Our various one-track minds: Atop the front page of the Washington Post, three journalists report the latest from Candidate Trump today.
We were struck by the limitations of Trump's one-track mind—and by the limitations of the one-track mind found at the Washington Post:
GOLD, DEMIRJIAN AND DEBONIS (6/11/16): It was a bad time for Sen. Cory Gardner to be caught in an elevator with a reporter. Donald Trump had just referred to Sen. Elizabeth Warren of Massachusetts as “Pocahontas”—again—and the Republican freshman from Colorado was struggling to figure out how to respond.Candidate Trump was at it again. In another way, so was the Post.
“I think people need to be treated with respect, and that’s what we’ve demanded from everyone,” he offered.
But was it racist?
Gardner clammed up. He politely referred further questions to his press secretary.
We agree with Senator Gardner. It would be a better world if people were more frequently treated with respect.
In our view, it would also be a better world if reporters had a wider range of lenses through which they viewed Trump's conduct.
Candidate Trump had made his latest unusual comment—again. Once again, he had referred to Senator Warren as "Pocahontas." According to the Post report, he had also referred to her as "Goofy Elizabeth," the comic book-level term of derision he has selected for her.
In the course of the Post's report, its team of reporters quoted the views of various people concerning Trump's "Pocahontas" comment and his behavior in general.
Senator John McCain said he tries to avoid "personal insults." Rep. Tom Cole (R-Oklahoma) said Trump should avoid such "pejorative" language.
Several other Republican senators dismissed the "Pocahontas" remark as a joke. In some ways, we think Republican strategist Stuart Stevens had the most salient reaction:
GOLD, DEMIRJIAN AND DEBONIS: The “Pocahontas” line spurred chatter at former Massachusetts governor Mitt Romney’s ideas summit Friday in Park City, Utah, where some attendees said they were aghast at Trump’s many race-based lines of attack.Personally, we wouldn't say Trump is "sick," but we think Stevens was in the right ballpark. We would say that Candidate Trump frequently seems disordered, perhaps diagnosable.
Stuart Stevens—the chief strategist on Romney’s 2012 presidential bid, who, like Romney, has vowed not to vote for Trump—said the candidate’s use of “Pocahontas” to attack Warren was both racist and inappropriate.
“If you said this in a sixth-grade class, the teacher would tell you, ‘Don’t say this,’ ” Stevens said.
“This is a sick guy, and Americans are not longing for a president who’s going to go out and use ethnic slurs against people,” he said. “It’s amusing in the same way telling dirty jokes around a frat house can get laughs, but most people grow out of that. It’s childish.”
Candidate Trump seems to have no normal concept of the role of accuracy in one's public statements. He rarely seems to have any idea what he's talking about.
He constantly self-contradicts, often within mere minutes. And yes, we'd say that his behavior is frequently "childish," as Stevens said.
In the relentlessness of his inaccurate statements, Candidate Trump is in a class by himself in the modern political era. That said, the press corps has been very slow to establish this as a troubling fact about Trump.
Treatment of his constant misstatements is consigned to little-read fact-check blogs. In hard copy, on page one, reporters seem inclined to limit themselves to one question only:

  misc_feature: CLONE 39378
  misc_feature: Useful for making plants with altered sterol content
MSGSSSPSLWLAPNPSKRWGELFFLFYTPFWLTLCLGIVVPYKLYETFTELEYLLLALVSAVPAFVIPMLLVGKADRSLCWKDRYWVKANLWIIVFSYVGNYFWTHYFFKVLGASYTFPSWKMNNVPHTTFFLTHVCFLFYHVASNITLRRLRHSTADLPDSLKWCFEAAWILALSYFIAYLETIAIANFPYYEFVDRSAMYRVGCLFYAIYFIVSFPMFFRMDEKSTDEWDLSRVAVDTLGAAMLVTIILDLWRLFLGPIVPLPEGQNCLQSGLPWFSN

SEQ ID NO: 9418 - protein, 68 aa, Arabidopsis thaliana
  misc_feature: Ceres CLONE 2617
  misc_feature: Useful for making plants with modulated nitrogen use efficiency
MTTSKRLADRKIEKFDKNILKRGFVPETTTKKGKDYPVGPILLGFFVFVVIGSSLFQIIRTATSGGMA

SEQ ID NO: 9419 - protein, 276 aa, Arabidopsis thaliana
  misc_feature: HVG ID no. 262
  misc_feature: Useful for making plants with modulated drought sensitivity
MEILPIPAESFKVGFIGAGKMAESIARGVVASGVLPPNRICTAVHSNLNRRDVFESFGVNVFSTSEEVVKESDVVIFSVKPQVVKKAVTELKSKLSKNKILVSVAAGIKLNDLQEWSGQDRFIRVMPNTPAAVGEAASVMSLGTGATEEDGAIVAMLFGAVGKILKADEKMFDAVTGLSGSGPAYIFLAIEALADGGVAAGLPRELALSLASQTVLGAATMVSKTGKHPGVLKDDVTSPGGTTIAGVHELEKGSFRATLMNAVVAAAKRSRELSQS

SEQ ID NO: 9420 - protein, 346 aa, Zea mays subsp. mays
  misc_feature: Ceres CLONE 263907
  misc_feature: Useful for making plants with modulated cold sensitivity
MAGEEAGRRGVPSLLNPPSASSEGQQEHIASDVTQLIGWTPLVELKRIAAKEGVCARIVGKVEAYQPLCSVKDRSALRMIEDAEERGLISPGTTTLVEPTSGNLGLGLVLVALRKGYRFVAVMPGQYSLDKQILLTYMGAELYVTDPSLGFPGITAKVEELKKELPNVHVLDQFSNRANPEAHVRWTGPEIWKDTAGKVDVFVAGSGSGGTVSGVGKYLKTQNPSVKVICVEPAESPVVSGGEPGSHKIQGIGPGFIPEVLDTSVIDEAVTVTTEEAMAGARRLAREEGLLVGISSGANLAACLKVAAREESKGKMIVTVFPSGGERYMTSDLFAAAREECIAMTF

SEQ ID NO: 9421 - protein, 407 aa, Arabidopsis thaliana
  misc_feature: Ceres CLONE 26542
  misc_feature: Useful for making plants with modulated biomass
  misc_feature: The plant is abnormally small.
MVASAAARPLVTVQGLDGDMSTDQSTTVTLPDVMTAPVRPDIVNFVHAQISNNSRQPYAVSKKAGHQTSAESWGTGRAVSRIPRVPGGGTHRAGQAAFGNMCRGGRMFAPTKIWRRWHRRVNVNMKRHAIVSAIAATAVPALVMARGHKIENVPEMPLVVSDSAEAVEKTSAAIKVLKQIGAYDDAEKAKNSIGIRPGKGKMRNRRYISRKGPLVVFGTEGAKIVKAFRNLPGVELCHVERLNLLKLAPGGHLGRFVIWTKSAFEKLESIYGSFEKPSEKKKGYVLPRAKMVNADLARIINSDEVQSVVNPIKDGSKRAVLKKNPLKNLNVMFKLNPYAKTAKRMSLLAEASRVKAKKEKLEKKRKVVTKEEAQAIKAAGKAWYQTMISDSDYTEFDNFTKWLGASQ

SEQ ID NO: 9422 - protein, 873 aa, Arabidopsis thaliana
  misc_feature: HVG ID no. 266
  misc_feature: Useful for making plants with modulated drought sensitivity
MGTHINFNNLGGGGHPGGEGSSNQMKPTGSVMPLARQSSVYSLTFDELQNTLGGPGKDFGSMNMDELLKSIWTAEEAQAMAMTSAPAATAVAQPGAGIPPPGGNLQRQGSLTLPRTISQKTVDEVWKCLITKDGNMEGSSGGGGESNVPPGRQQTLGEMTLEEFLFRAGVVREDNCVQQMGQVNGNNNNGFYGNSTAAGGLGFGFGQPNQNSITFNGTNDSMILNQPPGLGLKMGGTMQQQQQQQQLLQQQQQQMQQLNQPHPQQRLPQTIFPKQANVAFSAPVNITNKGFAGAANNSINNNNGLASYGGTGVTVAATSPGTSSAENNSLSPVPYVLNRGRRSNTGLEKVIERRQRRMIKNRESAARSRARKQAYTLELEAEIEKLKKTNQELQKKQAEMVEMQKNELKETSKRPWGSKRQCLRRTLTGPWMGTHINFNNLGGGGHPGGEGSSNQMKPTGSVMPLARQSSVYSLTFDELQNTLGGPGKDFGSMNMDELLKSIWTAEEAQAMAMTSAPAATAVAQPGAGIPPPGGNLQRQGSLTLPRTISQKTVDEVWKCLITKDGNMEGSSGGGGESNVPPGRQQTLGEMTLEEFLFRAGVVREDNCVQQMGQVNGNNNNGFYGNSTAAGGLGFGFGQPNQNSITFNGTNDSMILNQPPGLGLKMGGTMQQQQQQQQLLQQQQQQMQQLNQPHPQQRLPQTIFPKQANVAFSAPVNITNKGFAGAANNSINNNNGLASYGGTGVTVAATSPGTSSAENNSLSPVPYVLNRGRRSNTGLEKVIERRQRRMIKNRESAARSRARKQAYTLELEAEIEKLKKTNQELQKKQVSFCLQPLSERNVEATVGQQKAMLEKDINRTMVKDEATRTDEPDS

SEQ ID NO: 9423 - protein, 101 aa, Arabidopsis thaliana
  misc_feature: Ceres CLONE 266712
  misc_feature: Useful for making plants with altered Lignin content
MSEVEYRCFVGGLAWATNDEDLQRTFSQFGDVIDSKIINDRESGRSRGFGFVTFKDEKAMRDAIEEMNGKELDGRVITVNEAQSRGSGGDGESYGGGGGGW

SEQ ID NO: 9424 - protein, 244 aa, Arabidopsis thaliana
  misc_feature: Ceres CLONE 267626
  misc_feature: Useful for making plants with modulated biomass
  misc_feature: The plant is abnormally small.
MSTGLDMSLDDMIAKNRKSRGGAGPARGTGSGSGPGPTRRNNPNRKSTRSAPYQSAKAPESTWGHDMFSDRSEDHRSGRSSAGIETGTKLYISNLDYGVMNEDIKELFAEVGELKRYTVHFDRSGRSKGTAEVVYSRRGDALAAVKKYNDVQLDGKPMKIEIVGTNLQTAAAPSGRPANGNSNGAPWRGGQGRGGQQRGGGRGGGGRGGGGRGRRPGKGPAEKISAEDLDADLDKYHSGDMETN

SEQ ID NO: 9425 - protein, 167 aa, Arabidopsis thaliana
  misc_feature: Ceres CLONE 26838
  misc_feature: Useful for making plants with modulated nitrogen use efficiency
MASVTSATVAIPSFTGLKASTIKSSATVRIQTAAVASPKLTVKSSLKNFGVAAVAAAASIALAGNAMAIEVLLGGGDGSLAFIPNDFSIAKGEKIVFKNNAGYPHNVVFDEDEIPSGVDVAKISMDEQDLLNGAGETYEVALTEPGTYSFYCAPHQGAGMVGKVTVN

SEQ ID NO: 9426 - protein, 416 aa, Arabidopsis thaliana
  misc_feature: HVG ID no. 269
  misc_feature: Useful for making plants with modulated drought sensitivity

Are his statements "racist?"
Is it "racist" when Candidate Trump derides Warren as "Pocahontas?" In our view, the candidate's conduct in this latest pitiful episode doesn't rise to that level.
The sheer inanity of Trump's behavior strikes us as its defining characteristic, along with the relentless inaccuracy of his public statements.
That said, we see a problem. Modern journalists have themselves been inane, and relentlessly inaccurate, for perhaps three decades now. Perhaps for that reason, modern journalists seem to have a hard time recognizing or discussing those traits in Candidate Trump.
Modern journalists have been inventing facts to fit preferred narratives for decades. Perhaps for that reason, modern journalists have been very slow to challenge this part of Trump's game.
Modern journalists seem to know only one question: "Was that last statement racist?" They seem to know just that one play, have only that tool in their tool shed.
In our view, this limitation isn't impressive, intellectually or morally. It tends to pose as moral concern. It strikes us as a moral pose and as a form of shirking.
Was Candidate Trump's latest statement racist? For ourselves, we don't think this latest inane behavior rises to that level.
In our view, Trump is disordered, apparently dishonest, relentlessly inane. So too, we'd submit, is the national "press," with its one-track mind.
The fact-check we still haven't seen: Did Donald J. Trump really send investigators to Hawaii in 2011 to check the facts of President Obama's birth?
Did those gumshoes, if they really exist, really uncover various facts which were highly disturbing?
In 2011 and 2012, Donald J. Trump made these claims again and again from very high platforms. In the process, he helped turn our public discourse into an even larger trash heap.
Were any of those statements true? Or was Donald J. Trump simply lying? To this day, we haven't seen a major news org investigate this behavior by Trump. It's a major part of his recent history, but the press doesn't seem to care.
Let's take a guess about the pass which is being extended to Trump. Perhaps this behavior was so much like the press corps' own behavior in recent years that news orgs haven't been able to see it for what it is.
Childish name-calling they can spot. Gigantic, rolling ugly inventions largely escape their ken!
Trumpism didn't start with Trump. It started inside the press. For decades, it's been the norm.